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EU agrees on a ban on the use of neonicotinoids

The European Union will ban the world’s most widely used insecticides from all fields due to the serious danger they pose to bees.
Bee

The ban on neonicotinoids, approved by member nations today, is expected to come into force by the end of 2018 and will mean these insecticides can only be used in closed greenhouses.

This ban on three main neonicotinoids has widespread public as well as scientific support. Neonicotinoids, which are nerve agents, have been shown to cause a wide range of harm to individual bees, such as damaging memory and reducing queen numbers. Recent studies also show severe harm to colonies of bees, an extensive reduction of pollinating insects and suggested links to decreases in bird populations.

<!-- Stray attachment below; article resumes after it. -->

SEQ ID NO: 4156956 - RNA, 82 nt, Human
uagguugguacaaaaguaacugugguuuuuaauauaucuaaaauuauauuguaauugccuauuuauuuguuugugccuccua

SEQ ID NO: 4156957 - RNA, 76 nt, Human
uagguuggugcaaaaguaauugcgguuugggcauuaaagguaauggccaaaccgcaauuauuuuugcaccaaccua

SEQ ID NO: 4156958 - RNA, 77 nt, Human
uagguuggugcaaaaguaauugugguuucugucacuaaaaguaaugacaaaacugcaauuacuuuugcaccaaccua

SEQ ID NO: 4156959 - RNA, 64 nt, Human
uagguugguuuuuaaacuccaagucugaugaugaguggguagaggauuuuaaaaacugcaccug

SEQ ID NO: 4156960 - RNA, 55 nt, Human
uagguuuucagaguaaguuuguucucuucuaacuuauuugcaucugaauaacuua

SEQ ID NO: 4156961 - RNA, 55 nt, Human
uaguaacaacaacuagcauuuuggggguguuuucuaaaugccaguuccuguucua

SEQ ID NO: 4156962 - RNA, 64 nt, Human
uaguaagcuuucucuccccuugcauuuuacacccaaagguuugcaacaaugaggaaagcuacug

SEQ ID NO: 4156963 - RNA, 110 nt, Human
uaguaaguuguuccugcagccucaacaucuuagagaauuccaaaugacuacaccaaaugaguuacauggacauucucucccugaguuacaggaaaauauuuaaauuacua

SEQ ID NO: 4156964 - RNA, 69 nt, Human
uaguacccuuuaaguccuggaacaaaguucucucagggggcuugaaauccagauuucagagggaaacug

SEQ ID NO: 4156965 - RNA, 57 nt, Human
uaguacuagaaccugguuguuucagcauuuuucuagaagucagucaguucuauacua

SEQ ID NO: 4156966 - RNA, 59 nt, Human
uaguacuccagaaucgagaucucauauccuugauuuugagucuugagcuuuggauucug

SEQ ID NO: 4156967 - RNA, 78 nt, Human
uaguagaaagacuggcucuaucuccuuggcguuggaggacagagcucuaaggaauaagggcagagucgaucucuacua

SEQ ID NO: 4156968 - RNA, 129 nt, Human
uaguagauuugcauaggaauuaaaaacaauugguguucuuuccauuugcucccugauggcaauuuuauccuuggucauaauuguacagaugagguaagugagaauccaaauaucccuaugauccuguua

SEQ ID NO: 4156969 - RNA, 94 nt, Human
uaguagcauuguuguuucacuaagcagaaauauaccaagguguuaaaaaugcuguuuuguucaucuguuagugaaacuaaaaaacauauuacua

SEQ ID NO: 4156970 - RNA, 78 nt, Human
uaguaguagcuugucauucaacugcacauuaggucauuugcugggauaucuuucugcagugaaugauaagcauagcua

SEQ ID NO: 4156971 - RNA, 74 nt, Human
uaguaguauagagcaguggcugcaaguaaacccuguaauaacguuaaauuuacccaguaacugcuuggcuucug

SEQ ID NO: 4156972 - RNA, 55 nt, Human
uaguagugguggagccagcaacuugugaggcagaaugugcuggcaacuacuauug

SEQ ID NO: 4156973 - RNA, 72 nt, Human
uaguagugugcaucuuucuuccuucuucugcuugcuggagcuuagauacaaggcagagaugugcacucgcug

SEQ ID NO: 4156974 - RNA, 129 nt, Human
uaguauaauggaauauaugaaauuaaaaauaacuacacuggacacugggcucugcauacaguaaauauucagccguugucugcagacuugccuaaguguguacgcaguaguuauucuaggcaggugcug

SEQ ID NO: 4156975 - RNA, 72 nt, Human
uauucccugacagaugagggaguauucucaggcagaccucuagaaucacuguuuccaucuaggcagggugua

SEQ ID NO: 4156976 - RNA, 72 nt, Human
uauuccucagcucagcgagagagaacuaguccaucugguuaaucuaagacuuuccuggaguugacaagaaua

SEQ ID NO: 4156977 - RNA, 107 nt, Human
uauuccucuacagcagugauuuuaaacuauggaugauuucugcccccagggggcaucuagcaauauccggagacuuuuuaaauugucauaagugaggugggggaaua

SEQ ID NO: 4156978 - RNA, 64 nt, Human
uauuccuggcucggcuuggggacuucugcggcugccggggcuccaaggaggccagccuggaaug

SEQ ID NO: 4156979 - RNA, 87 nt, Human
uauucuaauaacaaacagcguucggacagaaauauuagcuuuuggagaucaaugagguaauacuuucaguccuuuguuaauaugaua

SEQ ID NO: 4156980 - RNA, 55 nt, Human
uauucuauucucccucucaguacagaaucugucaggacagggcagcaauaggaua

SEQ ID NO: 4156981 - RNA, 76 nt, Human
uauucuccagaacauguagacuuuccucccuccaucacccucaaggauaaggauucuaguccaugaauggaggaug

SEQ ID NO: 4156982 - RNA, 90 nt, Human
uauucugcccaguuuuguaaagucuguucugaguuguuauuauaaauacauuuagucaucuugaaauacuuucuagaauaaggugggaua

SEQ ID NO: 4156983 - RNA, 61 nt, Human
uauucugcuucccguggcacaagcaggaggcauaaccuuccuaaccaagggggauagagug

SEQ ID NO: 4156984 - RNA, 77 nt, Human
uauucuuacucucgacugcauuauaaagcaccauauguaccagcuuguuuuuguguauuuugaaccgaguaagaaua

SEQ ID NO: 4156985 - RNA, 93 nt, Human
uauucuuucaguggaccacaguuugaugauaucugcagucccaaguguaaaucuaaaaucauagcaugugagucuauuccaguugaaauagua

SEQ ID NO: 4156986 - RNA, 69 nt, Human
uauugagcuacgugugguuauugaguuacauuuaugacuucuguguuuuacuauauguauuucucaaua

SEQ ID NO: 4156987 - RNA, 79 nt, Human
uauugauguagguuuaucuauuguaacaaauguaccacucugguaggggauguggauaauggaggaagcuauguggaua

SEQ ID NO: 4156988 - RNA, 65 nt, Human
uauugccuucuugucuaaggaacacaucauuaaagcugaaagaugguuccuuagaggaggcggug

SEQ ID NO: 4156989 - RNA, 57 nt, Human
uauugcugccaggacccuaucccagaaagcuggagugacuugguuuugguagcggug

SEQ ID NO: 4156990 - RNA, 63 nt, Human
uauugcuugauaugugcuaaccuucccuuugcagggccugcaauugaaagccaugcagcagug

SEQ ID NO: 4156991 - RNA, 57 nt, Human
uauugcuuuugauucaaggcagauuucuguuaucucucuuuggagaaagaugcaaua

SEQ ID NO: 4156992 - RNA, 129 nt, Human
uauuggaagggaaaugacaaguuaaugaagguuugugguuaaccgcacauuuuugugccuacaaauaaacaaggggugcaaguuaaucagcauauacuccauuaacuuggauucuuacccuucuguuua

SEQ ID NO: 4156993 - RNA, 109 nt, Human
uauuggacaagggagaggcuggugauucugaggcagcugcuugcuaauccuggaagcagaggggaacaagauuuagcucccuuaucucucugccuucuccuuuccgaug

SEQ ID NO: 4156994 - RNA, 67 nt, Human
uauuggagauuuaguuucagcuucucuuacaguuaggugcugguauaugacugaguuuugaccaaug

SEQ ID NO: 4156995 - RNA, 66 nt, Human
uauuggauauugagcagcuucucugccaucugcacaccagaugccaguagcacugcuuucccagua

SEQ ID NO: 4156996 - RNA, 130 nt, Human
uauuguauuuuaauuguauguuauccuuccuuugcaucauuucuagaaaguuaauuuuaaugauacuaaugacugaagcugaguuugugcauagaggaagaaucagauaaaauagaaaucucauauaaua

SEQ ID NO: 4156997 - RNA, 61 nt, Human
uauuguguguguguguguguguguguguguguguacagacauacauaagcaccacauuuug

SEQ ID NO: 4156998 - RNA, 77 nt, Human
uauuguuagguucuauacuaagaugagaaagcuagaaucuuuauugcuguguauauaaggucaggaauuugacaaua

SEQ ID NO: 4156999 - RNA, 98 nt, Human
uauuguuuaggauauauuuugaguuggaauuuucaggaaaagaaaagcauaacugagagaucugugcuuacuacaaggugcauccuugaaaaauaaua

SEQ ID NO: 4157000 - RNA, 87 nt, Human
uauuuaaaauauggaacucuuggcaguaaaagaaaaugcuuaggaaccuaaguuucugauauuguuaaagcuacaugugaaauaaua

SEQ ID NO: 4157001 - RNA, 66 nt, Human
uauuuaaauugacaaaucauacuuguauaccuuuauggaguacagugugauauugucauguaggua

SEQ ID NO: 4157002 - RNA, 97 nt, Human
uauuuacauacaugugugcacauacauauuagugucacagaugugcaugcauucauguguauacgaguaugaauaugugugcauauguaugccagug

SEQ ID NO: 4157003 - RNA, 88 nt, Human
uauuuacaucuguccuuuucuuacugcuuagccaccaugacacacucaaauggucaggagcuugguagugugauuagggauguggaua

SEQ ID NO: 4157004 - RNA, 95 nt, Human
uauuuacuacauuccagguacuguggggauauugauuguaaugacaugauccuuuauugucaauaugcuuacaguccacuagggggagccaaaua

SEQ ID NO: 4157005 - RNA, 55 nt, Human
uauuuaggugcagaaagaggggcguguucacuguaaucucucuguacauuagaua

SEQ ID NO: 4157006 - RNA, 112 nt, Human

“This is a significant opportunity for farmers to start experimenting with more ecological methods for preventing pest outbreaks. Of course, some farmers may shift to using other types of insecticides, which may be as harmful, or even more harmful to the environment as the neonics now being banned. A ban of a harmful product is a step in the right direction but does not replace a well-designed agricultural policy that shifts the balance towards environmentally-friendly practices, and initiates the recovery of farmland biodiversity from the decreases we have seen in the past decades” says Yann Clough, professor at the Center for Environmental and climate research.

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